For Ms. DeGeneres, the Be Kind persona got here in handy. When she was twice chosen to host the Oscars (in 2007 and 2014), it was to wash up the messes left behind by performers whose performances were perceived as too biting or caustic — Chris Rock, Jon Stewart, Seth MacFarlane.
Later, with Donald J. Trump dominating the news from his White House pulpit and the onetime tech darlings Facebook and Twitter becoming battlegrounds for heated cultural debates, Ms. DeGeneres’s lighthearted approach began falling out of favor. Even the viral sensations who once got a lift from her show didn’t need her anymore — TikTok was good enough. Then got here the workplace scandal, which looked as if it would undercut the “Be Kind” message.
“Being referred to as the Be Kind Lady is a tough position to be in,” she told viewers within the wake of the reports. “So let me offer you some advice. If anyone is considering of adjusting their title or giving yourself a nickname, don’t go along with the Be Kind Lady.”
Daytime talk stays arguably the toughest TV genre to crack. Since Ms. DeGeneres entered the fray, the list of reality stars, news anchors and actors who’ve given it a go includes Queen Latifah, Jane Pauley, Kris Jenner, Bethenny Frankel, Bonnie Hunt, Tony Danza, RuPaul, Jeff Probst, Anderson Cooper and Ms. Osbourne. All got here and went in a flash.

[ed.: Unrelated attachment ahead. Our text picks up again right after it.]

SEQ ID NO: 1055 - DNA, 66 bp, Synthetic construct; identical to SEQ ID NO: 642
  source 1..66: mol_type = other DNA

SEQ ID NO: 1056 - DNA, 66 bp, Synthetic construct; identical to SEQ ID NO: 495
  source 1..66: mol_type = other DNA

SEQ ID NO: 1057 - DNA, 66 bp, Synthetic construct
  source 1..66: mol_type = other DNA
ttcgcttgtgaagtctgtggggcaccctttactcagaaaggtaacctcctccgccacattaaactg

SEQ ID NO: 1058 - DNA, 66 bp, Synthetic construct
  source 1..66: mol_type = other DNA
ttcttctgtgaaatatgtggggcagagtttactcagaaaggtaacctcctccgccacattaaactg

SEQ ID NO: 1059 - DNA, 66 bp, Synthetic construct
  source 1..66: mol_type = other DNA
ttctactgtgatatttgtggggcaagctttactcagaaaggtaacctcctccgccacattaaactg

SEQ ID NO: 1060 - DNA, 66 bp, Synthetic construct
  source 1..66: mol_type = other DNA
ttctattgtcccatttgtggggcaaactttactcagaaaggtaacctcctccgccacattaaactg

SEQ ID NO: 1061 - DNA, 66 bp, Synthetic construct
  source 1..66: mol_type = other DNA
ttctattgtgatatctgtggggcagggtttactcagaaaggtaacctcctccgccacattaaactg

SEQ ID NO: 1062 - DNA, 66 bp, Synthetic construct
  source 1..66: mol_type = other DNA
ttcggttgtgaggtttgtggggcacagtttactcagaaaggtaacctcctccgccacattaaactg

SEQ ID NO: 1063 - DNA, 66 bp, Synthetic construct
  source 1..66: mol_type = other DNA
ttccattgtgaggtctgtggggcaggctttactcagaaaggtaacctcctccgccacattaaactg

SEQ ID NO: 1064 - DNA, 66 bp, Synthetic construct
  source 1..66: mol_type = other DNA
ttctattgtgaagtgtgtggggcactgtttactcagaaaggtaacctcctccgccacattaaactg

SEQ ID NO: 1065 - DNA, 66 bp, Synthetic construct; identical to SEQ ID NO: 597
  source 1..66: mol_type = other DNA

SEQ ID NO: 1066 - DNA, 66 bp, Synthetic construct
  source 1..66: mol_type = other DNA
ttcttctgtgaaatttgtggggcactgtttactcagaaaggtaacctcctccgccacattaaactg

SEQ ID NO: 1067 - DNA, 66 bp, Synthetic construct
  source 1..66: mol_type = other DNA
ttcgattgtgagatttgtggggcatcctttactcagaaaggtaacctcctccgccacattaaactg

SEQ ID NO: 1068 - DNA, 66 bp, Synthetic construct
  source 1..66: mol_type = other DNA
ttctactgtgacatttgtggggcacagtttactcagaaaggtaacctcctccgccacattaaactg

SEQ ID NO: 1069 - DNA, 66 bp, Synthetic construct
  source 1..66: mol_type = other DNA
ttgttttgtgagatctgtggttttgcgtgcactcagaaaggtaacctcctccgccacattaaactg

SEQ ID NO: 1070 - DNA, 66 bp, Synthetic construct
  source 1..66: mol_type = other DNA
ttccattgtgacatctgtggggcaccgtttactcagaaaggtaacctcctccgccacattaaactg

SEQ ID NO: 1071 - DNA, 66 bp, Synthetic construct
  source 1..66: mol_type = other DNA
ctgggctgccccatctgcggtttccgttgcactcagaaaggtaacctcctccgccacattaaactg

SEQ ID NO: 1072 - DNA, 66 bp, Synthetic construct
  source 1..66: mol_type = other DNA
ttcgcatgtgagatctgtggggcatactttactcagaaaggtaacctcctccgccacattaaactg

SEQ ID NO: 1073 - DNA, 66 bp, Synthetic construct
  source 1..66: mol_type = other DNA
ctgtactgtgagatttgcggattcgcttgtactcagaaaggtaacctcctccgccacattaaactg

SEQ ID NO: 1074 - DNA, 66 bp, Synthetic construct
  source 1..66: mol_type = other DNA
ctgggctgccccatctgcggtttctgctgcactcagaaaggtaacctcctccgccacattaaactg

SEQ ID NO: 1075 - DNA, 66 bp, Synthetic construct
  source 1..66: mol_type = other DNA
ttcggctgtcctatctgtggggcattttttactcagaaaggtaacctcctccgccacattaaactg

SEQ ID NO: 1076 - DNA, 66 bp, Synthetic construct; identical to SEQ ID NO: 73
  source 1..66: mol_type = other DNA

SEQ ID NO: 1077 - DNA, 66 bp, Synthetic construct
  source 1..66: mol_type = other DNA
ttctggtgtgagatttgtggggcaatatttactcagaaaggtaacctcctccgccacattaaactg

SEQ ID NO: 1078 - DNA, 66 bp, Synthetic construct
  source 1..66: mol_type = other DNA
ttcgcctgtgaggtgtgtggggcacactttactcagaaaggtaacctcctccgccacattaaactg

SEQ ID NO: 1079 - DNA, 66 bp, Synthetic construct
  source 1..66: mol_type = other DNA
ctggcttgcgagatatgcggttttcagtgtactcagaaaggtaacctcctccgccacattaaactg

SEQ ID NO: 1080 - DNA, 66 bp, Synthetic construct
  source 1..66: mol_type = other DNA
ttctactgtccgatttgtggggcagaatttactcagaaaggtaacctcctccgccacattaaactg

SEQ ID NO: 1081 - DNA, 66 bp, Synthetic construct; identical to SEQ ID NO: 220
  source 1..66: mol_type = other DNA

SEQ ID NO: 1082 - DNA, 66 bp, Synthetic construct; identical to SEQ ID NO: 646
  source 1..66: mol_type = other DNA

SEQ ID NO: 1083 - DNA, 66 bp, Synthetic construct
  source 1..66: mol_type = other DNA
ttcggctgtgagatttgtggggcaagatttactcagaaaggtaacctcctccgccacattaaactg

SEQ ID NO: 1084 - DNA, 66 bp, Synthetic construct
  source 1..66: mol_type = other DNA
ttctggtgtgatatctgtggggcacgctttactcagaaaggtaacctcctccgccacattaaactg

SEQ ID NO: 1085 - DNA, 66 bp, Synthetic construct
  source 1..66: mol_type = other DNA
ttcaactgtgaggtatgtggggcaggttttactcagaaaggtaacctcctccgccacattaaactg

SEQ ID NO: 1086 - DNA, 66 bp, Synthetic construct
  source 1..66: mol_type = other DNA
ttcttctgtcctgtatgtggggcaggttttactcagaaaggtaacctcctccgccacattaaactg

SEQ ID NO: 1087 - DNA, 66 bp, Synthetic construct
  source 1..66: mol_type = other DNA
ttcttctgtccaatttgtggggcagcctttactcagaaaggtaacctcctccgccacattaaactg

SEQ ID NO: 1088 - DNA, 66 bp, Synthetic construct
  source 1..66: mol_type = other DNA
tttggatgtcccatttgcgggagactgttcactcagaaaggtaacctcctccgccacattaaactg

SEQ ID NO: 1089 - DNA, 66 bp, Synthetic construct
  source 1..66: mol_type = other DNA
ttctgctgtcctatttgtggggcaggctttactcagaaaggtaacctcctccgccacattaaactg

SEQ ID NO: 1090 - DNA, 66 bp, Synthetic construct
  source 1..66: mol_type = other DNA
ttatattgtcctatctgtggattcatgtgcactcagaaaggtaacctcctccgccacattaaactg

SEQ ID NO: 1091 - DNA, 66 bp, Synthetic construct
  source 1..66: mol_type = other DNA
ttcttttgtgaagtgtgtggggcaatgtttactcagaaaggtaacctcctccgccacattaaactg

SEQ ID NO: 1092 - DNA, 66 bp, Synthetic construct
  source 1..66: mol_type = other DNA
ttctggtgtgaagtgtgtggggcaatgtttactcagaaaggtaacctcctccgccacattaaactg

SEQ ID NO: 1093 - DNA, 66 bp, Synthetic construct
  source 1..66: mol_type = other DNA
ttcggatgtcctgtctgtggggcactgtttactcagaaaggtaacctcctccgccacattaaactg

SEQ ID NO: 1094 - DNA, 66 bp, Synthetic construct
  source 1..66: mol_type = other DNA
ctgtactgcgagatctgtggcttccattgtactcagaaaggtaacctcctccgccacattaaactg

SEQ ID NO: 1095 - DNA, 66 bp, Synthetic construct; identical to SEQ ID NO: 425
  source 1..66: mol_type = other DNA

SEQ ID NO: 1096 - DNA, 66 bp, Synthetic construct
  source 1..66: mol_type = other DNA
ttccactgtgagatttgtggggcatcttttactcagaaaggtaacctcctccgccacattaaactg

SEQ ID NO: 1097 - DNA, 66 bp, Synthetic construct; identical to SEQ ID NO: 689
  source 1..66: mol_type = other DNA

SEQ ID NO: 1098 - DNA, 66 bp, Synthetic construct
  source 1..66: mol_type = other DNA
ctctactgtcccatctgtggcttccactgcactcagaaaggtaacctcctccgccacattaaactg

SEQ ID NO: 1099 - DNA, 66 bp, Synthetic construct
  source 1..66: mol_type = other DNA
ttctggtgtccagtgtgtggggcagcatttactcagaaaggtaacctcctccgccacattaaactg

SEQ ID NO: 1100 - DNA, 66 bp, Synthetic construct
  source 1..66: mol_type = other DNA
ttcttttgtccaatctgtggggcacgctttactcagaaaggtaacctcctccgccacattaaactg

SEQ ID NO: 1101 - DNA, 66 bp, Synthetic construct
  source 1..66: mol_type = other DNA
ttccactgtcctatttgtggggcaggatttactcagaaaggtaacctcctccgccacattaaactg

The high price of every day television adds to the challenge. “The economics to supply north of 150 hours of television a yr, with 34 weeks of originals and 170 episodes a yr, is basically expensive,” Mr. Decker, the chief, said. A latest show may cost $20 million to $30 million to launch, he added. Further costs must go to tons of of employees, sound stages (“Ellen” occupied three of them on the Warner Bros. lot) and flying in celebrity guests.
“You would like an enormous rating to even cover your costs yr over yr,” Mr. Decker said. “It’s a really difficult economic model, and to put that out over twenty years of real secular change in our industry? It’s unbelievable, to maintain a show going that long.”
Ms. DeGeneres has said she plans to take some day off, but whatever comes next, the talk show will probably be the centerpiece of her legacy.
“There will probably be other things, other great things, but there won’t ever be a time like this,” Ms. Winfrey told Ms. DeGeneres on the third-to-last episode of “Ellen.” “Know that these are the glory days.”